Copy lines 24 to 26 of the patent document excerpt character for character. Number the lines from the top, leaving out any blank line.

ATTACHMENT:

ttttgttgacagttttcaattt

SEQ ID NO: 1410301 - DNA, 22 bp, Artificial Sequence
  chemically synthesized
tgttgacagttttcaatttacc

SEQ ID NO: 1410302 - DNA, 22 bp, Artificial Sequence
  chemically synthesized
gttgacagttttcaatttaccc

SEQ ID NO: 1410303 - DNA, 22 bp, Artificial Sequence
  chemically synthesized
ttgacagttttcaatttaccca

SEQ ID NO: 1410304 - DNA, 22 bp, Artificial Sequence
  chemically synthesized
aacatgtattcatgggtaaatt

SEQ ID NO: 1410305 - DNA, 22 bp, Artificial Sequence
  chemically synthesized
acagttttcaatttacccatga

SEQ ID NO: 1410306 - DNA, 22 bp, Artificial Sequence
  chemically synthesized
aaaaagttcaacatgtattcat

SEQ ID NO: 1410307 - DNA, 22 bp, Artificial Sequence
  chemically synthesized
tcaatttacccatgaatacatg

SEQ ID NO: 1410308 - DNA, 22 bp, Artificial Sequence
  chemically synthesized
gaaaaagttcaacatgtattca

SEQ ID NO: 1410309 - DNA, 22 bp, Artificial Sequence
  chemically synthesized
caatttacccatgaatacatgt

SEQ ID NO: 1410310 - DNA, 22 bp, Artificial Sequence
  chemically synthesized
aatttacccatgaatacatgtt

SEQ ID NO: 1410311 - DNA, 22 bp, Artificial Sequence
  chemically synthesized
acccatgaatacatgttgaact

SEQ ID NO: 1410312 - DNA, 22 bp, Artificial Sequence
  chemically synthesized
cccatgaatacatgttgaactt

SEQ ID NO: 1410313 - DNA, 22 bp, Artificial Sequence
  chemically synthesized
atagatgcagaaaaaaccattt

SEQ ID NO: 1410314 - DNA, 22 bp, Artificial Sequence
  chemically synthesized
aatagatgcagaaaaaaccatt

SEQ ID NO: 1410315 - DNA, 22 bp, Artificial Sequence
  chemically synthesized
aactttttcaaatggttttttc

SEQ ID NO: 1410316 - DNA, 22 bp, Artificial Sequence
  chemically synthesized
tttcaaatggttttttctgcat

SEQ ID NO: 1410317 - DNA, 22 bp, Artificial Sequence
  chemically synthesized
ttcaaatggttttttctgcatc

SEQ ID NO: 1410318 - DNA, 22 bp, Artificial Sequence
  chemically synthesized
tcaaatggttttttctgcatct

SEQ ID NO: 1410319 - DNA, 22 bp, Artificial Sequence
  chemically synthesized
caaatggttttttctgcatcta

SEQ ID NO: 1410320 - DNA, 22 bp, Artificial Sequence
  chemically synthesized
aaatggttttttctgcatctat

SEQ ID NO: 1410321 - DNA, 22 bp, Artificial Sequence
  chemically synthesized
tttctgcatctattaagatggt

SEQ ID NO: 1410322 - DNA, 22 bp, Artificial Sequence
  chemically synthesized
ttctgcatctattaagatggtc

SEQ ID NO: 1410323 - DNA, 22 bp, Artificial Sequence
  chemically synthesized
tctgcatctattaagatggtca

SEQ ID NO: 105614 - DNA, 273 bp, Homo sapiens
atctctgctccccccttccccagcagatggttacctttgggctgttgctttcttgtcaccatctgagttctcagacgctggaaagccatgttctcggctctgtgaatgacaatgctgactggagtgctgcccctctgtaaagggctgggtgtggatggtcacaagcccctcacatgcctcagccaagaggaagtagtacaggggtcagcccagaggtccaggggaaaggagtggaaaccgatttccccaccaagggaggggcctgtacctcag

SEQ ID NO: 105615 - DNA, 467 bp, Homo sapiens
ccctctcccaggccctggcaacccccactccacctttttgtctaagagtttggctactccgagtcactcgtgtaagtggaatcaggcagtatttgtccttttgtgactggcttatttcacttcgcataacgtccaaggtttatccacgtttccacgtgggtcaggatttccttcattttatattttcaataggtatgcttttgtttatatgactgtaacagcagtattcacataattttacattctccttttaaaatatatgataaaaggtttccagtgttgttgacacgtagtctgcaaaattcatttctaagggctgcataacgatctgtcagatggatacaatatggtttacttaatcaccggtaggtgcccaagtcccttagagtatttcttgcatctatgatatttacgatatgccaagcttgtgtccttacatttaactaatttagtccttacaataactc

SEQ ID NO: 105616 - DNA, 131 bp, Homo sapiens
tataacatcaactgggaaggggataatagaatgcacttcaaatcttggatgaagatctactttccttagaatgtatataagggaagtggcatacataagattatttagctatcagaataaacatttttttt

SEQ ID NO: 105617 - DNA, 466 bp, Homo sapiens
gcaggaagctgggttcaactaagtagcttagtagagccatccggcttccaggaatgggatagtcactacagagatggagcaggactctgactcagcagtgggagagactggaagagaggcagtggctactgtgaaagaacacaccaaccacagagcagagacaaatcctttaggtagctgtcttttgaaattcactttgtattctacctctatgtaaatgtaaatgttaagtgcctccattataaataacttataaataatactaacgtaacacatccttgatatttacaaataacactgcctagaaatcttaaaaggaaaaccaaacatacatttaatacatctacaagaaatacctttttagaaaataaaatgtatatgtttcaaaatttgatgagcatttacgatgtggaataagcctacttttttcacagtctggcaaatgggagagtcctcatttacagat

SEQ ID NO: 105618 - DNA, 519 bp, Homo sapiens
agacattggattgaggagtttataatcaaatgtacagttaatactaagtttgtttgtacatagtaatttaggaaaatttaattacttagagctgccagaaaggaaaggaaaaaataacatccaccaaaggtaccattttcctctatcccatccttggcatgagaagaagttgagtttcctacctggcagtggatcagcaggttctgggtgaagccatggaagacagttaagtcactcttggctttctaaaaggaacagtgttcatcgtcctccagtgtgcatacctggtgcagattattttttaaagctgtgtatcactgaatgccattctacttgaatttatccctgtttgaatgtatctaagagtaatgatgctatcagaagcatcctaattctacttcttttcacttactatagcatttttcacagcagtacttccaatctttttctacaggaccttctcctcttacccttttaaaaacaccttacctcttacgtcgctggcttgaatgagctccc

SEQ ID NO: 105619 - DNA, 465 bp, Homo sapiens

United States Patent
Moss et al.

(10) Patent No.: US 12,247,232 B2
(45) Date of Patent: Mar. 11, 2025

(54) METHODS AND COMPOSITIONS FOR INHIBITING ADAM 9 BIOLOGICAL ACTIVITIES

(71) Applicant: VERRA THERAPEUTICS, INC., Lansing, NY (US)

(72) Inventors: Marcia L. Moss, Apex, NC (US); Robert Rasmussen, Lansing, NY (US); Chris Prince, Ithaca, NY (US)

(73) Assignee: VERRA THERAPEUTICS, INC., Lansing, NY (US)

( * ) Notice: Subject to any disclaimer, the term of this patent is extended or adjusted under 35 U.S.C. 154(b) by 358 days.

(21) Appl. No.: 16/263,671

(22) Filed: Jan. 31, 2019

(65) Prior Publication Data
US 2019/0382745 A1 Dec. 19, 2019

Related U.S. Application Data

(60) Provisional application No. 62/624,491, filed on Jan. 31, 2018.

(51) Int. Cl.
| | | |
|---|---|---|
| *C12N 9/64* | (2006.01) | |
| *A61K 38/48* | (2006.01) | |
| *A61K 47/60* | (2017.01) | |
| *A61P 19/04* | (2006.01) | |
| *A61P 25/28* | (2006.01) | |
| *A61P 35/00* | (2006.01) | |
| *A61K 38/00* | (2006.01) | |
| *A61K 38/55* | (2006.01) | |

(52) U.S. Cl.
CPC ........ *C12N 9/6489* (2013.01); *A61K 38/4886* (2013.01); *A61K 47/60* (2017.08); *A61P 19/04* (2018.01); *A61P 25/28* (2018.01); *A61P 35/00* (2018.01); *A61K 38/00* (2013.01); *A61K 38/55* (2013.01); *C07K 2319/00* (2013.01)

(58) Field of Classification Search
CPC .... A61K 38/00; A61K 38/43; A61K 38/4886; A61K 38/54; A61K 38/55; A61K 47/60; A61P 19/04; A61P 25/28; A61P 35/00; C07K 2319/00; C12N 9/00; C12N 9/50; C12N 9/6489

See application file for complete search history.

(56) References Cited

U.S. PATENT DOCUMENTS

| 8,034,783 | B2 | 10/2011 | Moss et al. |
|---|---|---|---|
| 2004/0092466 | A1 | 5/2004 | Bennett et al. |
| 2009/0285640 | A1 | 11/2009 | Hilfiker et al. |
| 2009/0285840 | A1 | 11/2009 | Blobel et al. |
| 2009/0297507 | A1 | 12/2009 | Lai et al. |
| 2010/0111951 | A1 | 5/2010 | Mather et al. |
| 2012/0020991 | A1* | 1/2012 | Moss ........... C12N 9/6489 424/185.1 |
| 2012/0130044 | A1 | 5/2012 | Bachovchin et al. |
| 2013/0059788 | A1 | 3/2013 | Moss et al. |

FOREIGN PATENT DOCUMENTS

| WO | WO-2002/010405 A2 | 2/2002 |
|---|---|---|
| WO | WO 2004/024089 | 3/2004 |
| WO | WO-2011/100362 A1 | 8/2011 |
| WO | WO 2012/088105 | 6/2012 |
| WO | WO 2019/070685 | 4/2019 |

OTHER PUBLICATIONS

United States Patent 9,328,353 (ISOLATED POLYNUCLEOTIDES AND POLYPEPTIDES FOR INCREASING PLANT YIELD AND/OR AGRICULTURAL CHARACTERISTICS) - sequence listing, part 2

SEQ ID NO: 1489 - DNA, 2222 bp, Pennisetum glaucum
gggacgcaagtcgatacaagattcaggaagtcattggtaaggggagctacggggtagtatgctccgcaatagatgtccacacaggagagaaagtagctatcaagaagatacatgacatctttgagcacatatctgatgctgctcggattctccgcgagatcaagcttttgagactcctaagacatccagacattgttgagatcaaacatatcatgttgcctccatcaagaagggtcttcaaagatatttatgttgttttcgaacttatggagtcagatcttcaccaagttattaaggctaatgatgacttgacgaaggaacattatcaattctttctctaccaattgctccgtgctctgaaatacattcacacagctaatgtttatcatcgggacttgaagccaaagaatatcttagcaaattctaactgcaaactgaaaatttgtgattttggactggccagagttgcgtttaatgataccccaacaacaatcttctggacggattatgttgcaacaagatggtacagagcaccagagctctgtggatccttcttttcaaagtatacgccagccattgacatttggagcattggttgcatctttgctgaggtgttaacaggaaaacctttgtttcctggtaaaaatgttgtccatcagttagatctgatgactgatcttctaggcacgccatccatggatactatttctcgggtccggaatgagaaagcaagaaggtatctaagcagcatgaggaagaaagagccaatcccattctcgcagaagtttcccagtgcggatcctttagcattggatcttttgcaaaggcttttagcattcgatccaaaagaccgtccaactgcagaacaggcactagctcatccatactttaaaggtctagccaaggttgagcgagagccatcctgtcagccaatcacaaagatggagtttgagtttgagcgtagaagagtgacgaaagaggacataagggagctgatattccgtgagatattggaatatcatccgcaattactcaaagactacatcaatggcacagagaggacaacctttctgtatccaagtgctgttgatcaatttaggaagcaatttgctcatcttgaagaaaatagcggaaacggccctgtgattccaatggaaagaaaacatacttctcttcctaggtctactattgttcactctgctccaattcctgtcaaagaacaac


  chemically synthesized
gaaaaagttcaacatgtattca

SEQ ID NO: 1410309 - DNA, 22 bp, Artificial Sequence